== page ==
An Israeli soldier drives an armored personnel carrier near the border with Syria on May 7. Israel's recent skirmishes with Syria may show that Syrian air defenses are stronger than U.S. officials had previously thought. (Ariel Schalit/AP)
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Pressure is mounting on the U.S. to change its hands-off approach toward the 2-year-old civil war in Syria. Despite a strong reluctance from the White House, the Pentagon and the American public, events in recent weeks are rapidly recalibrating the strategic dynamics involved and appear to make some involvement from U.S. troops appear more likely.
Here’s what you need to know about the current situation in the heart of the Middle East:
'Red lines' have been crossed
The geopolitics for the White House have grown increasingly uncomfortable amid reports that the Syrian regime has used chemical weapons against the rebels. About nine months ago, President Obama described that as a “red line” that would result in more aggressive U.S. action. Now the White House appears to be confronted with a choice between backtracking on that comment or wading deeper into the messy conflict.
Weapons could wind up in the wrong hands.
The basic fear that underpins U.S. decision-making is that any U.S. money, weapons or military support would fall into the wrong hands.
The Syrian rebel forces that the U.S. ostensibly supports are disorganized and rife with internal divisions. Intelligence reports suggest that some — perhaps many — are drawn from the same extremist Sunni Arab groups that were killing U.S. troops in Iraq’s Al Anbar province just a few years ago. The potential for unintended consequences is high, officials warn.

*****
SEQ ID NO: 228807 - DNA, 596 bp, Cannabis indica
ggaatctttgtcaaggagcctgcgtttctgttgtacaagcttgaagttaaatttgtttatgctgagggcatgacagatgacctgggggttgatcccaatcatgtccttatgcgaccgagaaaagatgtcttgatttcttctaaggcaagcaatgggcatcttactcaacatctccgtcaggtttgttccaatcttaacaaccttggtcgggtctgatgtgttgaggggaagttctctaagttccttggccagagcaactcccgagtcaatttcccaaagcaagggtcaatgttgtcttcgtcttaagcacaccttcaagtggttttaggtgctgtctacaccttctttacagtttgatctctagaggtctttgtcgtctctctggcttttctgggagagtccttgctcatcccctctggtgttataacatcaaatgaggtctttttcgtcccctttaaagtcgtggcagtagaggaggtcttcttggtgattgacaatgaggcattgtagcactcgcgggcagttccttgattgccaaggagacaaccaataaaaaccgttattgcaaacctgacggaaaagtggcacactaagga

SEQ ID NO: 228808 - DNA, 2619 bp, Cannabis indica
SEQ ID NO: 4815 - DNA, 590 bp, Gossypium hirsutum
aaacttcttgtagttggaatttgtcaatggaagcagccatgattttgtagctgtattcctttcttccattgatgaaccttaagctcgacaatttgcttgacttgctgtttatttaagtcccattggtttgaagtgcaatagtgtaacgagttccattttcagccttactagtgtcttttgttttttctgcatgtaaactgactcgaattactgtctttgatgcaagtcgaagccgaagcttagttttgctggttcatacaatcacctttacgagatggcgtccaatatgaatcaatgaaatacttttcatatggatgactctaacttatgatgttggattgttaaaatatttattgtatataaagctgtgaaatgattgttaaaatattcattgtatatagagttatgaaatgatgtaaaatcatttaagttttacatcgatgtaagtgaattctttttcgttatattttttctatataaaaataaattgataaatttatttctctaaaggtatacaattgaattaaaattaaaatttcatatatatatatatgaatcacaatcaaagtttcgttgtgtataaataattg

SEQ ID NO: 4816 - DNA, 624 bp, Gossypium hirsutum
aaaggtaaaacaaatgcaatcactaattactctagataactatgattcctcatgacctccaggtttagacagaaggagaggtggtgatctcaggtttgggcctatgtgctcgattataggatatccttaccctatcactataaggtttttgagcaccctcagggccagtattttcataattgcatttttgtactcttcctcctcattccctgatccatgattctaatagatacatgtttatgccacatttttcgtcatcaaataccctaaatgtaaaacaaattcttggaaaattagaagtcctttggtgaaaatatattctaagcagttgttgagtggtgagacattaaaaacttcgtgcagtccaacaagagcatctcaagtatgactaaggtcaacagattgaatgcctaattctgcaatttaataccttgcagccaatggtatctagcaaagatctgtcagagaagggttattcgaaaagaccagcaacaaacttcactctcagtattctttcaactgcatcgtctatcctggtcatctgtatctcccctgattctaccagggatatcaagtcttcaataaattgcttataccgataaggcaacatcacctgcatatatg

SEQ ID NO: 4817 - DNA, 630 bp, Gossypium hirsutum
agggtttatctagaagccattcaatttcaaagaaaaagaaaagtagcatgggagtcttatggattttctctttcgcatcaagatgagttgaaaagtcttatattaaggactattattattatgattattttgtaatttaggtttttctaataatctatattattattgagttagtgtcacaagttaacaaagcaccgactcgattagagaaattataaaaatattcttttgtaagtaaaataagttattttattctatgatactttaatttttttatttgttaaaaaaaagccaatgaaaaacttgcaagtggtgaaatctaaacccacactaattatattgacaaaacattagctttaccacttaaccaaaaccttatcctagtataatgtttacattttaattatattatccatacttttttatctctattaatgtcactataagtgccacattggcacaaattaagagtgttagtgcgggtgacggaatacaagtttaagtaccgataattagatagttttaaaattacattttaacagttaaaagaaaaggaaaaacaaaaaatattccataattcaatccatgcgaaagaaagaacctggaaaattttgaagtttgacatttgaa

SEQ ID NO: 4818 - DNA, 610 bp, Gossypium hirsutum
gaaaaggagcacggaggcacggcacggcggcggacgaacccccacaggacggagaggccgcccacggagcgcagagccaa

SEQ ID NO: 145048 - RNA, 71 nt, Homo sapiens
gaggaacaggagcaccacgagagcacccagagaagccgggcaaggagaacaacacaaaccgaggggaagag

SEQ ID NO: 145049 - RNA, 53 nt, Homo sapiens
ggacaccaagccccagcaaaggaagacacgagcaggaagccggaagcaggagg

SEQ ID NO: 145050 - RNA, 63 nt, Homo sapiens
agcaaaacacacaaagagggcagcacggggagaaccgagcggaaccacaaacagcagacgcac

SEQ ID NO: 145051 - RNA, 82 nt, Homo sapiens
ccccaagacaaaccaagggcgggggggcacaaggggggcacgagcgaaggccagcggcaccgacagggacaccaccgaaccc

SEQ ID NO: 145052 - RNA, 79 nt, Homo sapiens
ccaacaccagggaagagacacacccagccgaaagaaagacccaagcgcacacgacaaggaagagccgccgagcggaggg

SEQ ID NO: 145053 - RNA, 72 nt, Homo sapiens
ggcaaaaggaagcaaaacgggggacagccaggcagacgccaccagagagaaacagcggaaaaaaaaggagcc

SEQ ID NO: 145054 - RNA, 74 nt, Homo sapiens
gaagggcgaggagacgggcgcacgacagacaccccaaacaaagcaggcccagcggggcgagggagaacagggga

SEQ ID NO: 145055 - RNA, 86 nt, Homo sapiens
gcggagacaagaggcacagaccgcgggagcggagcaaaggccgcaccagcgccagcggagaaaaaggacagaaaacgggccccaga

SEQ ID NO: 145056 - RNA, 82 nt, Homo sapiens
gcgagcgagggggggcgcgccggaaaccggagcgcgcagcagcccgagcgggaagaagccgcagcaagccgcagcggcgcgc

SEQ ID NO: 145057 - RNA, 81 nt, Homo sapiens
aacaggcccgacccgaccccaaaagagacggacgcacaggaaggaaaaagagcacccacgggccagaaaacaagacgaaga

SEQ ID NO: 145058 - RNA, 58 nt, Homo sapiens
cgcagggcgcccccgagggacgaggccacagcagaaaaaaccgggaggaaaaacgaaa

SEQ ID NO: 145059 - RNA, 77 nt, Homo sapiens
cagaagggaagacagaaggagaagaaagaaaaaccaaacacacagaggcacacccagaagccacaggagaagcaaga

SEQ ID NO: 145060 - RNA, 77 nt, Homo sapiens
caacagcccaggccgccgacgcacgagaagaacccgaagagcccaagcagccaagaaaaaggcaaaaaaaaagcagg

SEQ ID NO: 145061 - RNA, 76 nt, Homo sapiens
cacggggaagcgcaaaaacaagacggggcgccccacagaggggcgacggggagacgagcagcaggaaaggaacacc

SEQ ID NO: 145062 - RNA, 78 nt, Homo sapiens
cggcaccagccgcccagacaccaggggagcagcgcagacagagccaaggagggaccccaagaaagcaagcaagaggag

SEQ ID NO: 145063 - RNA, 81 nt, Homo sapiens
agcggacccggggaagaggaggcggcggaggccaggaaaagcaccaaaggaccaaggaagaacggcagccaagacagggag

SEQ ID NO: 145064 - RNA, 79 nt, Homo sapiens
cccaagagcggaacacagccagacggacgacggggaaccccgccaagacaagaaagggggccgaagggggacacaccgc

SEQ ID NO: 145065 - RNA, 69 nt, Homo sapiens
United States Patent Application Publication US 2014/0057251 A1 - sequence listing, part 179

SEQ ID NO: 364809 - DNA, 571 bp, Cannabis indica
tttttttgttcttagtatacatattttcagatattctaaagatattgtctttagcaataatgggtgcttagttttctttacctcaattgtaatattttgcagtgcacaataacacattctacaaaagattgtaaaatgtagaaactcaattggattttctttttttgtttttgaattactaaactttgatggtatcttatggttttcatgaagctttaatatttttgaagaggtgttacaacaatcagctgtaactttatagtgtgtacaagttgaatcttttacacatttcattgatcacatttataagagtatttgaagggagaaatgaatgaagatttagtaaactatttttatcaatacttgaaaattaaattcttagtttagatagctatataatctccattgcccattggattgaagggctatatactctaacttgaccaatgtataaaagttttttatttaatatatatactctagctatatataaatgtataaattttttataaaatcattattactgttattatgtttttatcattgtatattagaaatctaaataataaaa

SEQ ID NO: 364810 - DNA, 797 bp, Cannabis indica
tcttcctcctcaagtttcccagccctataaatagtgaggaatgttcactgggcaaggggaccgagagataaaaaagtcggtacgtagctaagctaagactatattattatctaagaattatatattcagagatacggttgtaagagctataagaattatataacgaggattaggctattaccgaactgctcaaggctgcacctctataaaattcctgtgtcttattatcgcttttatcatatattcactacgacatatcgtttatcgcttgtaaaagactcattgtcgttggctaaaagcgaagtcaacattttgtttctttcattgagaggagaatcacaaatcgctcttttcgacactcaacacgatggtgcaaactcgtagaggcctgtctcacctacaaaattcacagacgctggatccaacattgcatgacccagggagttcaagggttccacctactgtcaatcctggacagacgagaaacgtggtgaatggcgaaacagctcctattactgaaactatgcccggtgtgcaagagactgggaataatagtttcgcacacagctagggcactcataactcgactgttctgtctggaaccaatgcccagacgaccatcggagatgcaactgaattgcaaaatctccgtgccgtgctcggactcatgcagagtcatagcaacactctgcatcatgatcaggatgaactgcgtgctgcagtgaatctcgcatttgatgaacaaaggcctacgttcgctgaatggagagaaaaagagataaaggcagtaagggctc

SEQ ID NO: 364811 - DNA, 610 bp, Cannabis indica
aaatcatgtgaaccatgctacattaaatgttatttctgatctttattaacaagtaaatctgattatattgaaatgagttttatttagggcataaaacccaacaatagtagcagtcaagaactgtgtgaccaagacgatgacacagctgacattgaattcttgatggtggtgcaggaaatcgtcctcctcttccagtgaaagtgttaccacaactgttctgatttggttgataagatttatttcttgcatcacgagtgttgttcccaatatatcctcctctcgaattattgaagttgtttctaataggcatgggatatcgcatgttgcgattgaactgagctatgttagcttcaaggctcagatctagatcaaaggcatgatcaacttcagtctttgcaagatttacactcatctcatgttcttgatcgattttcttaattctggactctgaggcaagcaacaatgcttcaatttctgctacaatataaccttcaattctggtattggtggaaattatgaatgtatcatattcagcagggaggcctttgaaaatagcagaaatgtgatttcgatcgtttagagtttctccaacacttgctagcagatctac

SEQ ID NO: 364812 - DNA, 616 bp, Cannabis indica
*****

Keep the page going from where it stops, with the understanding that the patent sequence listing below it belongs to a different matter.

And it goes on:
Officials are considering their options
U.S. officials have publicly discussed military options ranging from providing rebels with offensive weaponry — such as artillery and portable surface-to-air missiles — to sending in U.S. military assets to impose a “safe zone” on the ground inside Syria. That could give rebels a safe haven to plan military operations against the Syrian regime.
But top Pentagon officials have warned about the size and scope of that mission, saying it would require strikes to knock out Syrian air defenses and maintaining air superiority over a safe zone, as well as controlling a buffer zone to prevent ground-based artillery strikes and protecting ground-based logistical supply lines connecting the safe zone to a neighboring country.
Syria's air defenses may be stronger than thought
Pressure on the U.S. may intensify after the reports in early April that the Israeli military conducted airstrikes on several Syrian targets. The strikes may undermine claims from the Pentagon’s top brass about the strength and effectiveness of Syrian air defenses. Many advocates for military action in Syria have pointed to the successful six-month operation over Libya in 2011 that helped bring down Moammar Gadhafi. But for the past two years, many military experts inside and outside the Pentagon have suggested Syria has substantially more formidable air defenses.
No boots on the ground for now
Despite the pressure mounting in recent weeks, President Obama and other U.S. officials remain adamant that there will be no U.S boots on the ground in Syria.
“As a general rule, I don’t rule things out as commander in chief, because circumstances change,” Obama told reporters on May 3. “Having said that, I do not foresee a scenario in which boots on the ground in Syria — American boots on the ground in Syria — would be good for America but would also be good for Syria.”